A NEW BEGINNING
We learned many things in the past three years, and none more important than the fact that a supportive family is a key ingredient in making your dreams come true. Hard work and a little optimism measure into the mix also. Mother and Dad were blessed with these basic ingredients and, would put them to good use in pursuing their dreams!
Dad would always find a good deal on a car that needed some repair work to make it a good sell. One of the first to be refurbished was a 1941 Plymouth in September 1945, while still living in the garage apartment. (Our fifth residence in three years but, who`s counting?)
December of that year would find us in our first, very own house. It was a fixer-upper, bought with a down payment borrowed from the realtor! The house located in Park Place at 803, Cottage Avenue, was just a short walk from The Madison County Engraving Company where Dad worked. Mother could drive or catch the bus to work.
They must have done a good job on the house, because it`s still there!
Christmas was way conservative this year due to the house investment. Dad really hated having to forgo the giant Christmas tree. But, we really enjoyed having our own place!
We got a shepherd mix breed from the dog pound and named him Sandy. (Fourth dog but, who`s counting?)
I stayed with Grandpa and Grandma Wolff while Mother and Dad were at work. But, many lunches were shared at Shadyside Park.
Grandpa and Grandma Barrett came down in May to celebrate Mothers Day with us.
THE WOLFF`S INGENUITY
While staying with Grandpa and Grandma Wolff I got many a free haircut with the hand clippers!
Grandpa would also repair our shoes with his cobbler`s stand and leather sewing awl. Also on hand was a leather punch for adding a hole to a hand-me-down belt or to put holes in a piece of leather for a sling shot.
Grandpa Wolff was a jack-of-all-trades. He invented a hot stamp press for the Gospel Trumpet that sped up the foil stamping of mottos and book labels. He built a water softener system for the High Street house. He developed the skills to do his own carpentry, plumbing, electrical and masonry work which, luckily, was passed along to future generations.
This spring, Dad bought another car to rebuild, a 1942 Studebaker. Howard, had just restored a1937 Cord with a supercharged engine, grey coffin hood body and side discharge exhaust which he then offered to sell to Dad as an investment. A good deal that could`t be passed up!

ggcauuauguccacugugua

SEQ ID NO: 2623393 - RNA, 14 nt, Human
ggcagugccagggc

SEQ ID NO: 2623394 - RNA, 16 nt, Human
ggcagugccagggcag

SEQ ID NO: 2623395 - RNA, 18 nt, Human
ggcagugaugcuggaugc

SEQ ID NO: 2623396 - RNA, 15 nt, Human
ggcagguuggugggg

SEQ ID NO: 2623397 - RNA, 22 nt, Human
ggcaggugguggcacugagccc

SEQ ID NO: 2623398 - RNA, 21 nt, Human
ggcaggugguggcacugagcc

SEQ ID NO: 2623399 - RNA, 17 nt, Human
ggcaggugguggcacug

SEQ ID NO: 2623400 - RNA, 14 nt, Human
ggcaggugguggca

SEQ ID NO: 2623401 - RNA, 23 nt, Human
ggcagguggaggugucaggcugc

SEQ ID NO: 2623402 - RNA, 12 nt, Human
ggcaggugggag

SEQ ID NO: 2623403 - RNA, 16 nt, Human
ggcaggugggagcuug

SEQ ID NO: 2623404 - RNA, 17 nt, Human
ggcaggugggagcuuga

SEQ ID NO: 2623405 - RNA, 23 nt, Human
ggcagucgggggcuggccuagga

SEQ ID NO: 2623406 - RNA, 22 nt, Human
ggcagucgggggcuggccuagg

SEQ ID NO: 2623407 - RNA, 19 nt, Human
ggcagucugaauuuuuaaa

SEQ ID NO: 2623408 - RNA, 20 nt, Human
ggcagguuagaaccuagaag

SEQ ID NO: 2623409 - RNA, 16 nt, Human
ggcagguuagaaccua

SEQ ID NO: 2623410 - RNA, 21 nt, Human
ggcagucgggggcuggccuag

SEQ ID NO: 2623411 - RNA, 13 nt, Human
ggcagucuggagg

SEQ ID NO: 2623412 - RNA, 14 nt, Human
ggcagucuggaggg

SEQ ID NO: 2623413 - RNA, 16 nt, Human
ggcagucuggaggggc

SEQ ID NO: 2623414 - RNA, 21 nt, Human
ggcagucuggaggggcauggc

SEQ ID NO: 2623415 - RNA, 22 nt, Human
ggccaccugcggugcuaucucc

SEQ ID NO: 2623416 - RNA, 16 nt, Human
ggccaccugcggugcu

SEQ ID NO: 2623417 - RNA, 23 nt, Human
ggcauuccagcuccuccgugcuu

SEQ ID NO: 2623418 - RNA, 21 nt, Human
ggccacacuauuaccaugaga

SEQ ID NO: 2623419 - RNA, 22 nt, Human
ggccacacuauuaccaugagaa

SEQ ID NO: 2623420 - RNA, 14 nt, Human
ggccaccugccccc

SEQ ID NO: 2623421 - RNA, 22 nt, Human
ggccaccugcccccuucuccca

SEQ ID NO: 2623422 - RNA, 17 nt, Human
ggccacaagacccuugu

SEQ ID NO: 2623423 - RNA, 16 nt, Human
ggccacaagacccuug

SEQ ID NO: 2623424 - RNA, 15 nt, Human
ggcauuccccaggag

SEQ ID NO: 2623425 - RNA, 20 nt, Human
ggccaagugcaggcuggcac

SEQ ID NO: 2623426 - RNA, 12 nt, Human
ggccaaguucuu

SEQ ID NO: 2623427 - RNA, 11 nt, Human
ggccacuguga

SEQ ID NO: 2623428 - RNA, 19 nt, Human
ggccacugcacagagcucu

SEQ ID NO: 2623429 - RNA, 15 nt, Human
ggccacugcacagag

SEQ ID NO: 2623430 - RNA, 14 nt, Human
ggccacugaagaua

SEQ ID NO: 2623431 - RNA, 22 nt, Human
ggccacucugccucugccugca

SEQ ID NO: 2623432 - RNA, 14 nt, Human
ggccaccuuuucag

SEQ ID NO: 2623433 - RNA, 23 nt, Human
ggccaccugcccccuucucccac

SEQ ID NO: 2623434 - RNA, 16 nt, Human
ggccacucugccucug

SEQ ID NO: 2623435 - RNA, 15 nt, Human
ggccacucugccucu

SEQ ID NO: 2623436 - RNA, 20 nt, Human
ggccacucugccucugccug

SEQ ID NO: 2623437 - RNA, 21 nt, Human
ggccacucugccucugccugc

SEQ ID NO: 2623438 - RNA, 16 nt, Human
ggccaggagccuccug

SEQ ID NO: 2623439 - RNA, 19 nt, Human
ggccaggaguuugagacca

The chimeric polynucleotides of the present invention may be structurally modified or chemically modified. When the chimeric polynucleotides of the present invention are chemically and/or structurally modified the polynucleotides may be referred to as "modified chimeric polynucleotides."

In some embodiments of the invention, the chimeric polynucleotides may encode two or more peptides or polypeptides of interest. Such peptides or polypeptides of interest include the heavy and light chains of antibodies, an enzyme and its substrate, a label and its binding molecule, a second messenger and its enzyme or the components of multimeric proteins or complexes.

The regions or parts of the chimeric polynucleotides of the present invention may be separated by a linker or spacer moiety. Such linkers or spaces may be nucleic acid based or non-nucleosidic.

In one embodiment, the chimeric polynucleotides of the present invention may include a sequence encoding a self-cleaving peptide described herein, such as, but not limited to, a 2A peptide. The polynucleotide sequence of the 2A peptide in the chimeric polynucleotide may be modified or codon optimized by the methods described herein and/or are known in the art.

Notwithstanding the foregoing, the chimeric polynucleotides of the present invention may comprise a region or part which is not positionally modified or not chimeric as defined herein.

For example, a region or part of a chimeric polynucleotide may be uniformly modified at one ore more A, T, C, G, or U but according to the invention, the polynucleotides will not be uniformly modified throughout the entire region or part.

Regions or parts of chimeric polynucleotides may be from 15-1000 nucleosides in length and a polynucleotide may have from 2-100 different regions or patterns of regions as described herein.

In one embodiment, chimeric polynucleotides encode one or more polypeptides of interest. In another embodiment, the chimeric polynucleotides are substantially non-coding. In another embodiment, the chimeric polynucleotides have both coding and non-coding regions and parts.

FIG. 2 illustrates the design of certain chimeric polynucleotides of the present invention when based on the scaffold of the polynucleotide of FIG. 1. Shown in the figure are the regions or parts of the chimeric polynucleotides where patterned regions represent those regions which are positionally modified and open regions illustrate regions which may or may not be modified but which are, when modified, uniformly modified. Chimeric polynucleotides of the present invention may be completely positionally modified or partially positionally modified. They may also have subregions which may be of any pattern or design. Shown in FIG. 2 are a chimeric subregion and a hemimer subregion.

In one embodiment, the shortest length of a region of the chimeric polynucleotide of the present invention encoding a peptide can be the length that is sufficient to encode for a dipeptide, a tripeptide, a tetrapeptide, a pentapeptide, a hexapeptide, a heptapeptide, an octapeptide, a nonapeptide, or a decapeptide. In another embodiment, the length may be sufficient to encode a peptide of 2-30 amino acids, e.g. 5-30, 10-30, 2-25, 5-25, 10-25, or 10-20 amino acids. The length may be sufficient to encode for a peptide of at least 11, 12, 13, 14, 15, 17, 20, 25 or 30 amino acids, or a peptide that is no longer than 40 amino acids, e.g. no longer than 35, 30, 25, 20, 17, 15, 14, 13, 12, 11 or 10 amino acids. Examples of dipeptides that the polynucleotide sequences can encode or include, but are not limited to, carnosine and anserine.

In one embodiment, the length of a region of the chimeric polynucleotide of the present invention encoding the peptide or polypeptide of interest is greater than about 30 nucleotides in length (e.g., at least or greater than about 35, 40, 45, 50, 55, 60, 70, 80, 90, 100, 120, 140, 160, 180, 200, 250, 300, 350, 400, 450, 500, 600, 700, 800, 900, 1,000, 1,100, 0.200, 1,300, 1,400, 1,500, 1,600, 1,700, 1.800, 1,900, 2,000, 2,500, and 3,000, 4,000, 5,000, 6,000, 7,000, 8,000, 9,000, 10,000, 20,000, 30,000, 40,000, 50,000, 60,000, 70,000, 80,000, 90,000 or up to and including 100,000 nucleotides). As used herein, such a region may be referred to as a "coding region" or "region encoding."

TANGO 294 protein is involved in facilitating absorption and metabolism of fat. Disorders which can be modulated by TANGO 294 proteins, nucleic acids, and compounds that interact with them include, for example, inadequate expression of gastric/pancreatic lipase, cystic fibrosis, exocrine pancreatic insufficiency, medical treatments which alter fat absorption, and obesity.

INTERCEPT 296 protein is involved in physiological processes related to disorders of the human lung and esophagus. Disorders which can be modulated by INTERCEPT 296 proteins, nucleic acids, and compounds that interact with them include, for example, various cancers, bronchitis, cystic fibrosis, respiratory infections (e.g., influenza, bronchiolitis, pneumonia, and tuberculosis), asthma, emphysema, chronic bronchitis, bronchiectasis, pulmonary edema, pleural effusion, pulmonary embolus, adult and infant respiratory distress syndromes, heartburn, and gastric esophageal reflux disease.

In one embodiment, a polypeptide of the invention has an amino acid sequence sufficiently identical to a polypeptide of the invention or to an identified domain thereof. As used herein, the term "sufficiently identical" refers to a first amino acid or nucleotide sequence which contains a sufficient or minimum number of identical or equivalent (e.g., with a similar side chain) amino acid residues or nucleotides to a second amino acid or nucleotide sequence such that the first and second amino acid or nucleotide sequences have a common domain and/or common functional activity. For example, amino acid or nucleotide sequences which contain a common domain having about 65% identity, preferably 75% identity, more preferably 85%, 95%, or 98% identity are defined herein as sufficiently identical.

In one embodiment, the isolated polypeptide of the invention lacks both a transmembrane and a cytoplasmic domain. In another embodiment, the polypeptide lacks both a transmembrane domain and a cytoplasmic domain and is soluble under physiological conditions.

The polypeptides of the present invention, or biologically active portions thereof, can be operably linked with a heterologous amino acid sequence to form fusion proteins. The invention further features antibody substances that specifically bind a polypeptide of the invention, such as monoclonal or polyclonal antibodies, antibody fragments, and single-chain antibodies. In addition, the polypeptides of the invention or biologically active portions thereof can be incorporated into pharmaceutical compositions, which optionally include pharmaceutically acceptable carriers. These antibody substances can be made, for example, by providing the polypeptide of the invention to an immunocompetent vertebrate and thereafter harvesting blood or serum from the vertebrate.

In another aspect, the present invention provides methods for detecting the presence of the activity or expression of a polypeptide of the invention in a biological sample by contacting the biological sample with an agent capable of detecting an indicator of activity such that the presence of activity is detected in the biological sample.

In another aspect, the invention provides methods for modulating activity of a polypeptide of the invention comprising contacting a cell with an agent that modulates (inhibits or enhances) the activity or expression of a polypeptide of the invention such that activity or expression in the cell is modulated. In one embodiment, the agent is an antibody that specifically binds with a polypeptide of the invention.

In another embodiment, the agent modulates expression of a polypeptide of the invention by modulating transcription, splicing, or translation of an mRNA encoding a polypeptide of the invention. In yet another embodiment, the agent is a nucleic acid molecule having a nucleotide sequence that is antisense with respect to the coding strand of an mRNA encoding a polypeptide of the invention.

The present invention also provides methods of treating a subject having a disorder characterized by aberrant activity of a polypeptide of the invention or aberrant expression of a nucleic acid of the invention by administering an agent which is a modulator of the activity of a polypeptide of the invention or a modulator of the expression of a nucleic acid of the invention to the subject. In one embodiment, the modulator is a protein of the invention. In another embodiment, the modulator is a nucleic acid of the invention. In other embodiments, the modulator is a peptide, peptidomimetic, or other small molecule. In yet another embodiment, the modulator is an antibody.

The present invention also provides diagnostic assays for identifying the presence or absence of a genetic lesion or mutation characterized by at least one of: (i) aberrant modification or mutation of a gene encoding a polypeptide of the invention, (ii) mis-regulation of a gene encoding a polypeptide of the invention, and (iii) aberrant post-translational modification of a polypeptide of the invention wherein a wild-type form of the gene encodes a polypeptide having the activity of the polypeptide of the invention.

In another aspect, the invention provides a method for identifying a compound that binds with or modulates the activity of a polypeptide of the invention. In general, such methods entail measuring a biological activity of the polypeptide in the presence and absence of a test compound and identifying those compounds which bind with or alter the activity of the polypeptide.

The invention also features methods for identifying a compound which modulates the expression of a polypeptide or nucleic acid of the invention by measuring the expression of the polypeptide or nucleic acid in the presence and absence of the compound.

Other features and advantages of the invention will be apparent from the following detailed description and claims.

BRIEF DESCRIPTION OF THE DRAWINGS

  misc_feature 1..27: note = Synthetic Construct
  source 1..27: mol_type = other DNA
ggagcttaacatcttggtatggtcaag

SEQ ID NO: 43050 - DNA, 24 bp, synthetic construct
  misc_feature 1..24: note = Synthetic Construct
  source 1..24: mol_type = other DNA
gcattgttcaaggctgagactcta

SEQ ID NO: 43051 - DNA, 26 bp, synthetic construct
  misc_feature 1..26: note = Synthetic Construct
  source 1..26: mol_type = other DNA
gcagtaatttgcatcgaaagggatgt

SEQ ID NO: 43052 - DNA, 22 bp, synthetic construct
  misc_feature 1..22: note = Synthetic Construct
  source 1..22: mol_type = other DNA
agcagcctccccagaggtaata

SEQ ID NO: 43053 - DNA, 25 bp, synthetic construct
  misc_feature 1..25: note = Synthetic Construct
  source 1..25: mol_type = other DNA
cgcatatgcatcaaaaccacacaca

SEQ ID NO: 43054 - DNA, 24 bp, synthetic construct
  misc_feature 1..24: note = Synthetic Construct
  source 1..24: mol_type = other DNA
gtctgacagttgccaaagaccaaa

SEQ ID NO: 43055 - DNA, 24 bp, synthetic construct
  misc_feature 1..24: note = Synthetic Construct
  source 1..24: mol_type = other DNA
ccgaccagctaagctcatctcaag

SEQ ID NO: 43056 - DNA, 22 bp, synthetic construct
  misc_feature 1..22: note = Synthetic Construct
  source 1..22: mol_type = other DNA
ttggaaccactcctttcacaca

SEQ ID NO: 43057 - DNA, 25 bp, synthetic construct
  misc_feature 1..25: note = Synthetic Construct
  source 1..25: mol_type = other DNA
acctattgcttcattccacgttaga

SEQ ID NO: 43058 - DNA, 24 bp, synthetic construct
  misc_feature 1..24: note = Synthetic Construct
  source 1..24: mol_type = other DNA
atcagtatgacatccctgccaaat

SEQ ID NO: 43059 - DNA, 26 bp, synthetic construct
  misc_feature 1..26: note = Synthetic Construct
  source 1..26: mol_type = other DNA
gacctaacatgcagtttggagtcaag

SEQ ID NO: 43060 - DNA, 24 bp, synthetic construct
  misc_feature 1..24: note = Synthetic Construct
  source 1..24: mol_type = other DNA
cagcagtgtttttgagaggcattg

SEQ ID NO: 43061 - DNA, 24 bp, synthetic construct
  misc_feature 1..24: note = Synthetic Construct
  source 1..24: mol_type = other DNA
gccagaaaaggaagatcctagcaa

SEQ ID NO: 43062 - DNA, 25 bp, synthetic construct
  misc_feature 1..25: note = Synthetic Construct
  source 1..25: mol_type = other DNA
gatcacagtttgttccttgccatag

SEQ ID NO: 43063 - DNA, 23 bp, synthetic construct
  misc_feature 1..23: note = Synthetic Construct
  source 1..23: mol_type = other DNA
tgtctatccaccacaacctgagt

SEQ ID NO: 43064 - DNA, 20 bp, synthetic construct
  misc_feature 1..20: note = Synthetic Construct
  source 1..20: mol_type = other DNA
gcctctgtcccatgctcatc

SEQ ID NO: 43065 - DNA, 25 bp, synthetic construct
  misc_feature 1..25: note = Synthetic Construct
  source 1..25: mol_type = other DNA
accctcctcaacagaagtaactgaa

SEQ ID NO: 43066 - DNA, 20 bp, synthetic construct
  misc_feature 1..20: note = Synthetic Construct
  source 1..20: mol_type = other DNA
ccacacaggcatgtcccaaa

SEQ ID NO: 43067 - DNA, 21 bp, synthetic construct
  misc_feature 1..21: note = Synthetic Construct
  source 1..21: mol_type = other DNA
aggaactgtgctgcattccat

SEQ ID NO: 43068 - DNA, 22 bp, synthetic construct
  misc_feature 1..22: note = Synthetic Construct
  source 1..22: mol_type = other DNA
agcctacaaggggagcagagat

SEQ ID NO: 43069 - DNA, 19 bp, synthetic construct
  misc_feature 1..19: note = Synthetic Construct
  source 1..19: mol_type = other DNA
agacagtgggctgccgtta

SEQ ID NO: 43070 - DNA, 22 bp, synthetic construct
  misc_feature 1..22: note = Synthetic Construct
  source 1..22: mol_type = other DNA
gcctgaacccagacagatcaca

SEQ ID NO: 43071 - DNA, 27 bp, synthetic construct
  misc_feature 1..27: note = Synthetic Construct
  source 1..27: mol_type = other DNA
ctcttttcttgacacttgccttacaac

Grandpa and Grandma Barrett had just come down for my birthday and to pick Mother and me up for a trip to Iowa to visit relatives.
When we got back, I had a birthday party and Mother and Dad got me a sand beach with canvas awning. Then, I went for a ride.
In August, 1946, Grandpa and Grandma Barrett got a visit from Grandma`s mother and they come down for a visit.
Four generations! L-R Grandma Hildred Lillian Augenstein Barrett, age 49, Marvin Eugene Wolff, Jr. (Skip), age 4, Great Grandma Maude Mae Miller Augenstein, age 68, Mother Geraldine (Gerrie) Viola Barrett Wolff, age 24.
The Barretts sure did like to travel. They picked me up in November to head out west to Oklahoma for a visit with Grandpa Barrett`s sister Maud Jane Barrett Baker. She was born in 1885, and married Sam Baker, who was a marshall in Wagoner Oklahoma. Grandpa and Sam went jack rabbit hunting from sam`s Jeep. I held one of their kills up by its` ears and it came up to my shoulders! This was my first live encounter with any kind of livestock and I enjoyed it!
Grandpa took us to a cotton field that was ready for picking. As a boy growing up, he had picked quite a few fields and wanted me to see and feel, first hand, what it was all about. Those balls were like thistles wrapped around the cotton. Very difficult and painful to remove!
When I got back home, Dad had found a buyer for the Cord and reinvested the sale on a new 1947, Studebaker Starlight Coup, with a straight eight engine and white paint with blue interior! All was good with the world!!
Christmas 1946, was for my favorite cowboy, Gene Autry.
We were back living in the garage apartment on High Street this Christmas, after selling the fixer-upper house on Cottage Avenue. Mother and Dad splurged for a portrait this special Christmas.
January 1947, gave us a big snowfall and an opportunity to have some male bonding. We built the biggest snowman on the block complete with black coal eyes, Dad`s hat and pipe! We had to go in several times for hot chocolate that Mom made to get us warmed up.
The garage apartment side porch can be seen in the background.
I found this ad in a 1947, Nature magazine!
Ma Bell was improving and moving on up just like us!